Assemblyman Luis Sepúlveda, a Bronx Democrat, has added his name to the slowly growing list of Speaker Sheldon Silver’s conference members publicly calling for him to fully relinquish power in the wake of reports that he will try to retain his leadership title (and its accompanying stipend) while tapping a five-member leadership team to run the chamber while he focuses on his legal defense.

In a statement released by his Assembly office, Sepulveda acknowledged that this is a “difficult time” for Silver and his family, and said Democrats should be “grateful” to the speakaer for his service in his current role since 1994 – a period that saw the institution of universal pre-K for the state, the end of the Rockefeller drug laws, passage of the SAFE Act, passage (in the Assembly only) of the DREAM Act, “and so much more.”

“With a strong belief in the presumption of innocence I believe that Speaker Silver deserves his day in front of a jury before we pass judgment on his alleged actions,” Sepulveda said.

“However, as this body moves into budget negotiations, one of the most important parts of the year, the criminal complaint filed against the speaker has clearly become a distraction and has taken the spotlight away from so many of the important issues we should be debating. Issues like education, criminal justice reform, and infrastructure, among others, have now taken a back seat due to the speaker’s unfortunate situation.”

“The focus of this body right now must be budget negotiations, an area where the Speaker is an instrumental component. In light of these recent issues his position as a negotiator has been greatly compromised. The governor’s proposed budget will have an impact on every New Yorker, and our job as legislators is to ensure that our communities are represented in this budget. Our constituents are our first and most important duty.”

“There comes a time when an institution must come before any individual, and it is for these reasons that I believe that Speaker Silver should step down as speaker and allow for this body to get to work on these issues without being distracted,” the assemblyman continued. “Already since the speaker’s arrest the Assembly was forced to cancel session on a day that we should have been honoring the legacy of Dr. Martin Luther King Jr.”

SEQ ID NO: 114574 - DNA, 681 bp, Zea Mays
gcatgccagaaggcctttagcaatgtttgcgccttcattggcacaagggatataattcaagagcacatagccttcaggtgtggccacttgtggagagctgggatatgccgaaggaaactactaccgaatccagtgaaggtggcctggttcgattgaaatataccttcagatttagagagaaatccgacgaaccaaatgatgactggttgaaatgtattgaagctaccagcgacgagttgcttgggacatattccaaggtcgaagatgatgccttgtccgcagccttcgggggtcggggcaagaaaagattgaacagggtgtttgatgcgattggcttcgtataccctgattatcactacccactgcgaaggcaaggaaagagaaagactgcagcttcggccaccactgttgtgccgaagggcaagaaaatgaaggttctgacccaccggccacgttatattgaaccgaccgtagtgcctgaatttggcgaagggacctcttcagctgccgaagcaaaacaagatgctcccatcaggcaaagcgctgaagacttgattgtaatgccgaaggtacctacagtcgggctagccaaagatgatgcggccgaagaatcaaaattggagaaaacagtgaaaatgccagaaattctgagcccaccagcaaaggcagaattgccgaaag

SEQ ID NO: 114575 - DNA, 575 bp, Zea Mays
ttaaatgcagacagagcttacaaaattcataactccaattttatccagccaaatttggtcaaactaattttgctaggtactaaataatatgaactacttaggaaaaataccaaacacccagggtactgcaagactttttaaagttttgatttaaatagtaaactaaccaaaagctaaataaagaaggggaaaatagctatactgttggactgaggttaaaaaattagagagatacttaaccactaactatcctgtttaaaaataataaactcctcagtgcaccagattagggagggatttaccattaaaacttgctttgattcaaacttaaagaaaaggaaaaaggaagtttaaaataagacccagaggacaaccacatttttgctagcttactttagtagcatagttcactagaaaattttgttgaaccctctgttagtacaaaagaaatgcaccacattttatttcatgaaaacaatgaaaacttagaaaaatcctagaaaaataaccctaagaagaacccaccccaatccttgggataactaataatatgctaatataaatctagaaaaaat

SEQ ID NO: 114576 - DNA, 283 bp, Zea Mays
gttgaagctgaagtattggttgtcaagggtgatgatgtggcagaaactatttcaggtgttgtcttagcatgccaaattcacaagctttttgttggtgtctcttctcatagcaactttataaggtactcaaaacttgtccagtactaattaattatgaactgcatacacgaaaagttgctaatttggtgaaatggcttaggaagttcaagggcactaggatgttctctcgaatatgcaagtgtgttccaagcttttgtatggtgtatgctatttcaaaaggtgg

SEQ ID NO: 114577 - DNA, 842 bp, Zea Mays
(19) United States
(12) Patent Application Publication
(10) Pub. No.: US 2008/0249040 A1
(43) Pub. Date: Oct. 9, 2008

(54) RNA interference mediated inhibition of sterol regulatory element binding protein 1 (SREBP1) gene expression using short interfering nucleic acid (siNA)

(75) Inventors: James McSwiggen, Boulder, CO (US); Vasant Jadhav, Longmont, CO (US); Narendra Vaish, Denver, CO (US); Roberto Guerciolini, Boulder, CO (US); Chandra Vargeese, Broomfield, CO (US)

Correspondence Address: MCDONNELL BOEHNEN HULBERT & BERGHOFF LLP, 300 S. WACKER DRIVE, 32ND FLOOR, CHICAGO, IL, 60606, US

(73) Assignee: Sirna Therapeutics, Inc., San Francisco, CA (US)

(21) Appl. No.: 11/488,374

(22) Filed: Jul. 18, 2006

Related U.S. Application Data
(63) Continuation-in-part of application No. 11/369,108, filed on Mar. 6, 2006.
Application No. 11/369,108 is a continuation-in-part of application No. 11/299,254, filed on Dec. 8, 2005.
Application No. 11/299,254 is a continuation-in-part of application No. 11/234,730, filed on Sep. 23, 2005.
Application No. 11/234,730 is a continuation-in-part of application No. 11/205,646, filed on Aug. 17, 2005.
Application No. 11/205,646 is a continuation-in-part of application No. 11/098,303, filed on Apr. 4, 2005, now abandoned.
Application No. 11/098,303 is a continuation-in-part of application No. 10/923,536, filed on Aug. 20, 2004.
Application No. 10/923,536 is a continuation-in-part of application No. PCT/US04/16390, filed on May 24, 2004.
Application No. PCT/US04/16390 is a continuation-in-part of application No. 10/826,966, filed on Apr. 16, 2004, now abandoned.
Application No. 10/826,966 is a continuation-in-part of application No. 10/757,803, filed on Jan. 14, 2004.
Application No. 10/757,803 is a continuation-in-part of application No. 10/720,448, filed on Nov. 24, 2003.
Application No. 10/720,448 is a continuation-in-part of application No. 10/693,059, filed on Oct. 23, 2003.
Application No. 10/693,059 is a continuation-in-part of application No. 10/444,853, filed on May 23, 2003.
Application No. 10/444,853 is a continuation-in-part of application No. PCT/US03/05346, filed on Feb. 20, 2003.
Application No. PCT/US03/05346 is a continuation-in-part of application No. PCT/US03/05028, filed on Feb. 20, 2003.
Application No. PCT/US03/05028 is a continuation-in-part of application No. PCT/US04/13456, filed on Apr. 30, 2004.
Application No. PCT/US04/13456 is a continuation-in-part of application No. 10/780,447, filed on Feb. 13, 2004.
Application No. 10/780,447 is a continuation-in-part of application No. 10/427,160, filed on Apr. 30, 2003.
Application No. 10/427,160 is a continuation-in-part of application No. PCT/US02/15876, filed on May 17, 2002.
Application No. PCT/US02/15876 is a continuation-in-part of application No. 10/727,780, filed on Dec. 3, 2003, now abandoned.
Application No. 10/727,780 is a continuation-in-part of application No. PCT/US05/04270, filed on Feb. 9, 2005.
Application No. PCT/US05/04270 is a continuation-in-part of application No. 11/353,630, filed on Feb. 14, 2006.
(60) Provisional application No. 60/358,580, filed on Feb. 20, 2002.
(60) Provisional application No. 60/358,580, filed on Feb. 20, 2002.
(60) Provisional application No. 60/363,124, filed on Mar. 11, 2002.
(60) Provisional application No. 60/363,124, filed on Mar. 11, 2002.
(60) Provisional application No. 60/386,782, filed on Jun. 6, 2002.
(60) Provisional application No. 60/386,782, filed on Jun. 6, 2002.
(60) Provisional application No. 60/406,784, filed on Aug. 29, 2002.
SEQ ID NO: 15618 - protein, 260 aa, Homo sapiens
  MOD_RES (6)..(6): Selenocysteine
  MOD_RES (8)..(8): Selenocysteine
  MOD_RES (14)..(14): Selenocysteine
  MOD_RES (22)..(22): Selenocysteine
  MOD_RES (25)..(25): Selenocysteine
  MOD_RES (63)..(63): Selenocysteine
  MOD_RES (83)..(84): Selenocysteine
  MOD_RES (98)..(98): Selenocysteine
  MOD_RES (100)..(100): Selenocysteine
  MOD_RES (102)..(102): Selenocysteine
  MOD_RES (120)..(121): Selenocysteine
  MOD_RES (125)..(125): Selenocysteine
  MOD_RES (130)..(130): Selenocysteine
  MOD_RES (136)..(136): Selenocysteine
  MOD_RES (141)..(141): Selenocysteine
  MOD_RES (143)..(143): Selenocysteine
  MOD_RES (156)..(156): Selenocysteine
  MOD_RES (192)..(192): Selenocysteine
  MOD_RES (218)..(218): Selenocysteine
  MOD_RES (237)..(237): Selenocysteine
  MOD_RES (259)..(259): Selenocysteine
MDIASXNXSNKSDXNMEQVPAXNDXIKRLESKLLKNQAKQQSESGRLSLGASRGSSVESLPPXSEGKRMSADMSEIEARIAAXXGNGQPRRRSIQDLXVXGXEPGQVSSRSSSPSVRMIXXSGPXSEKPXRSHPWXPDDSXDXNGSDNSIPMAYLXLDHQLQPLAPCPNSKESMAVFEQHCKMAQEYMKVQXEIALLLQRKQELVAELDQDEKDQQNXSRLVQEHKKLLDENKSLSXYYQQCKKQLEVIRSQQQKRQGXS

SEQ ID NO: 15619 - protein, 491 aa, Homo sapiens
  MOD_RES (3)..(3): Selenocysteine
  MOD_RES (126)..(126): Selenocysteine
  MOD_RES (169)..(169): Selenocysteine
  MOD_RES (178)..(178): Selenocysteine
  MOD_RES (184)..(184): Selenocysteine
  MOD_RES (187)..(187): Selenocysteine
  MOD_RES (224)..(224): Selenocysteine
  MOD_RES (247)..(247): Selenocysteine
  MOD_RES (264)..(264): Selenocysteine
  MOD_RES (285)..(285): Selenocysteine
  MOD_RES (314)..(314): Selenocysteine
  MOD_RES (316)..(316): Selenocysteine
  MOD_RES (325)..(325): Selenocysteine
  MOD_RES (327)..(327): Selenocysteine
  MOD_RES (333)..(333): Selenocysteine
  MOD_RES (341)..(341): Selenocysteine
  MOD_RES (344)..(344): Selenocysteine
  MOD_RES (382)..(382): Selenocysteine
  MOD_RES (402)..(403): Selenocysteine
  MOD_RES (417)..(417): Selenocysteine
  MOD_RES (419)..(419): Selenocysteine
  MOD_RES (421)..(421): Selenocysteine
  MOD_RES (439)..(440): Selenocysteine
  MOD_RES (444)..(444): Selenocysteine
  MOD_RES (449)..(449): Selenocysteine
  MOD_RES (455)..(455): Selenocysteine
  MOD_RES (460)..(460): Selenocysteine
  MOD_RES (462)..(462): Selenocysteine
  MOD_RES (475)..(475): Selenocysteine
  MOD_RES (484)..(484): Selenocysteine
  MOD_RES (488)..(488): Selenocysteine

“It is likely that distractions like this will continue throughout the legislative session period if Speaker Silver remains in his leadership position.”

Sepulveda said he hopes he and his colleagues can elect a “new speaker,” but he did not express a favorite candidate for the post.

Sepulveda is one of the younger members of the Assembly Democratic conference. He was elected in November 2012 to fill the seat left vacant by Peter Rivera when he departed to take a job with the Cuomo administration as labor commissioner – a post from which Rivera has since retired.

Silver’s arrest late last week on federal corruption charges exposed a number of rifts within the Democratic conference – including the gap between the veteran members who have a long history with the speaker and perhaps owe him for favors, assistance and/or protection, and newer members who haven’t had much time to build a long-standing relationship with Silver, though he may have helped elect them through DACC, which he controls.

A number of these newer members are marginals and/or were elected on reform platforms, and their ongoing support of the damaged speaker could come with a political cost when the next elections role around.

Sepulveda is the third Democrat to defect publicly from Silver’s side, following Buffalo’s Mickey Kearns (never a Silver supporter to begin with) and Manhattan’s Keith Wright (who got left out in the cold when five other potential Silver replacements forged the leadership-sharing deal Silver is now floating).

But it’s worth noting that Sepulveda hails from the Bronx, which is home to one of the five members of the leadership team: Assemblyman Carl Heastie, who is also chair of the Bronx Democratic Party.

Part of the reason Silver chose the members he did was to create a delicate balance of would-be successors, such that none of them would be able to put together a coalition to mount an outright coup. There’s a member from each of the four major NYC boroughs – Heastie from the Bronx, Denny Farrell from Manhattan, Cathy Nolan from Queens and Joe Lentol from Brooklyn – (Staten Island is not represented, but it has just two Democratic members, and isn’t home to a potential speaker candidate), and also one upstater (Assembly Majority Leader Joe Morelle).

Assumedly, each of these leadership team members would be responsible to selling this idea to colleagues in their respective boroughs. Some boroughs – like Brooklyn – are known for their infighting and inability to unify all of its 20 assembly members, while others – like Queens, with 18 Democrats – are known for voting in a bloc on political matters. The fact that Heastie lost a member in the Bronx (one of 11 seats in that borough, including his own) isn’t a deal breaker, but it doesn’t look good, either.